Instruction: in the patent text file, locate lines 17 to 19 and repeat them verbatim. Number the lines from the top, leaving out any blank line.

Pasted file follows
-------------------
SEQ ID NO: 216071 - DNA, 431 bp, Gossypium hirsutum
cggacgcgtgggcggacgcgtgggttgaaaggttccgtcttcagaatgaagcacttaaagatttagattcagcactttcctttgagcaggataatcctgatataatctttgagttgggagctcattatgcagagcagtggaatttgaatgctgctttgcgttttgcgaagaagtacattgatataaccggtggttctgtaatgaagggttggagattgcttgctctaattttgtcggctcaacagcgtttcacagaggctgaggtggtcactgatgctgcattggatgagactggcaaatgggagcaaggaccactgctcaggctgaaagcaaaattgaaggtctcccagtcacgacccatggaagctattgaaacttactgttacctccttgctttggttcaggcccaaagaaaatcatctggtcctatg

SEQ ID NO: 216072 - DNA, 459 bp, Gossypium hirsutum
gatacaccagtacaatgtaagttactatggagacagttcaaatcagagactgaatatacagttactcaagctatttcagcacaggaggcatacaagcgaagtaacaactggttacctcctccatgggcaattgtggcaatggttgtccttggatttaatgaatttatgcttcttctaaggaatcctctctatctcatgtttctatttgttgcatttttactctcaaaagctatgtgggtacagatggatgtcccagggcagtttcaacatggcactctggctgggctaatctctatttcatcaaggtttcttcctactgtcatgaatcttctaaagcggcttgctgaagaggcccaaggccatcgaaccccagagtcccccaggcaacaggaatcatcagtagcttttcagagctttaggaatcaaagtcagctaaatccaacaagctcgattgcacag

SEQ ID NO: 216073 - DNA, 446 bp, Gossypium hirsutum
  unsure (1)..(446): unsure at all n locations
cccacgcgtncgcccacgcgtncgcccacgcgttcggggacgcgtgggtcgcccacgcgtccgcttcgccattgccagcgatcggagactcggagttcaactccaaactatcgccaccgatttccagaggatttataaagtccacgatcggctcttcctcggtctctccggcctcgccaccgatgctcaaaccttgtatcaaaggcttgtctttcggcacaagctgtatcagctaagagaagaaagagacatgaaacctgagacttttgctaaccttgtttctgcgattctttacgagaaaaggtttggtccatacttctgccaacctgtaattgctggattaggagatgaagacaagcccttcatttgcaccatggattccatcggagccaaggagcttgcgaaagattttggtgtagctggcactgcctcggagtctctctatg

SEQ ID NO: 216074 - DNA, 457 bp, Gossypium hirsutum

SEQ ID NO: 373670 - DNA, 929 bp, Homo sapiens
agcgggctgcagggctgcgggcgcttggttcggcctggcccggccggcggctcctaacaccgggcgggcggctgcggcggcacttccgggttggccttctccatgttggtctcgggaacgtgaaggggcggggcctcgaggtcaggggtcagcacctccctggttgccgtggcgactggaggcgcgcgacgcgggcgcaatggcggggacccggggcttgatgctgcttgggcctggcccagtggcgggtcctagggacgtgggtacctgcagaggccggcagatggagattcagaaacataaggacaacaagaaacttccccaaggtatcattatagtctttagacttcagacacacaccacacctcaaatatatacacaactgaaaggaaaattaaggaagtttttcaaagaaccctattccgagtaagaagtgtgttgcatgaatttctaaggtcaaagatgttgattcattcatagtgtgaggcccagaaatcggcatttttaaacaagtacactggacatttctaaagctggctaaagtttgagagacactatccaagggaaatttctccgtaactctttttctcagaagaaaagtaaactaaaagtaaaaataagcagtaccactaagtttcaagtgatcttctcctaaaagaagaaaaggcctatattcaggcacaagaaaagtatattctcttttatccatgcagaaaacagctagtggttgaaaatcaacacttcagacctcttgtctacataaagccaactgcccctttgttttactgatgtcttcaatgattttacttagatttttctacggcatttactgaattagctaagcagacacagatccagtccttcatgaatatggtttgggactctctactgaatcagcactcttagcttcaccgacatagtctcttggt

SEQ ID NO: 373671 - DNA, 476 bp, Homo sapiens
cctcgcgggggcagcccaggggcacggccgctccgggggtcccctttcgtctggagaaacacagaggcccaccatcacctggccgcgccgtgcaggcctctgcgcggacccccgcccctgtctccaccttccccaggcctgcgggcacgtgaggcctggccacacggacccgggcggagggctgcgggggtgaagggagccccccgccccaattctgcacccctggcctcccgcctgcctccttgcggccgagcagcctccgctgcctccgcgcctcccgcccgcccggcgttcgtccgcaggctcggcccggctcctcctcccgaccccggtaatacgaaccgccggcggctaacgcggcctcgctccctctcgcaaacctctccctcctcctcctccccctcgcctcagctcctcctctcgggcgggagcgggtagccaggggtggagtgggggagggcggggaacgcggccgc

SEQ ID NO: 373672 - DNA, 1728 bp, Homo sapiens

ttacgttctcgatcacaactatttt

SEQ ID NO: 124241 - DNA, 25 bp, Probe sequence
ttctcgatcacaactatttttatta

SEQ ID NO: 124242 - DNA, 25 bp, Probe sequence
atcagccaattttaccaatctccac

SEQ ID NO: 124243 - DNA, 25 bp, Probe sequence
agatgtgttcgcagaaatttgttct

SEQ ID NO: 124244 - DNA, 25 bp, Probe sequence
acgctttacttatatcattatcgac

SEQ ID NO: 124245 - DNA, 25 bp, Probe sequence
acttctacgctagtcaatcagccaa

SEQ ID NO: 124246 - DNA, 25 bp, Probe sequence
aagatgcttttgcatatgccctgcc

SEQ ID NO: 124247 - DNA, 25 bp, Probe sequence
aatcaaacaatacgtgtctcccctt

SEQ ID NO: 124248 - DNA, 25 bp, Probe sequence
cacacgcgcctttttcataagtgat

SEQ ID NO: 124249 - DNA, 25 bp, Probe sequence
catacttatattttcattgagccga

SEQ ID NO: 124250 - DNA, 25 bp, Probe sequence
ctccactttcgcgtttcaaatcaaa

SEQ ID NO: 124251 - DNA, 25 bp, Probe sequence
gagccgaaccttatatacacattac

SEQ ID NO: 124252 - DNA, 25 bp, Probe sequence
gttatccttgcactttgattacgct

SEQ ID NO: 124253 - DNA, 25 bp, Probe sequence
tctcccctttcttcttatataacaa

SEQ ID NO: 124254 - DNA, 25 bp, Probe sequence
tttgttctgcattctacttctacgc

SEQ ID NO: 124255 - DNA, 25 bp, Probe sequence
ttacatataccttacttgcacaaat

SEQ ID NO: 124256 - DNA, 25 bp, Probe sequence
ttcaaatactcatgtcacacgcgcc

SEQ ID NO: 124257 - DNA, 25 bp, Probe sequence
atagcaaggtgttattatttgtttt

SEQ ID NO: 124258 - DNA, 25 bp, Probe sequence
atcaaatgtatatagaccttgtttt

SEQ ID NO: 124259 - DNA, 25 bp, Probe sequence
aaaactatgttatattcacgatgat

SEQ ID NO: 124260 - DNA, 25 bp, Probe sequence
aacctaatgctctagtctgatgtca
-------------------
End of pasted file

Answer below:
SEQ ID NO: 124242 - DNA, 25 bp, Probe sequence
atcagccaattttaccaatctccac

SEQ ID NO: 124243 - DNA, 25 bp, Probe sequence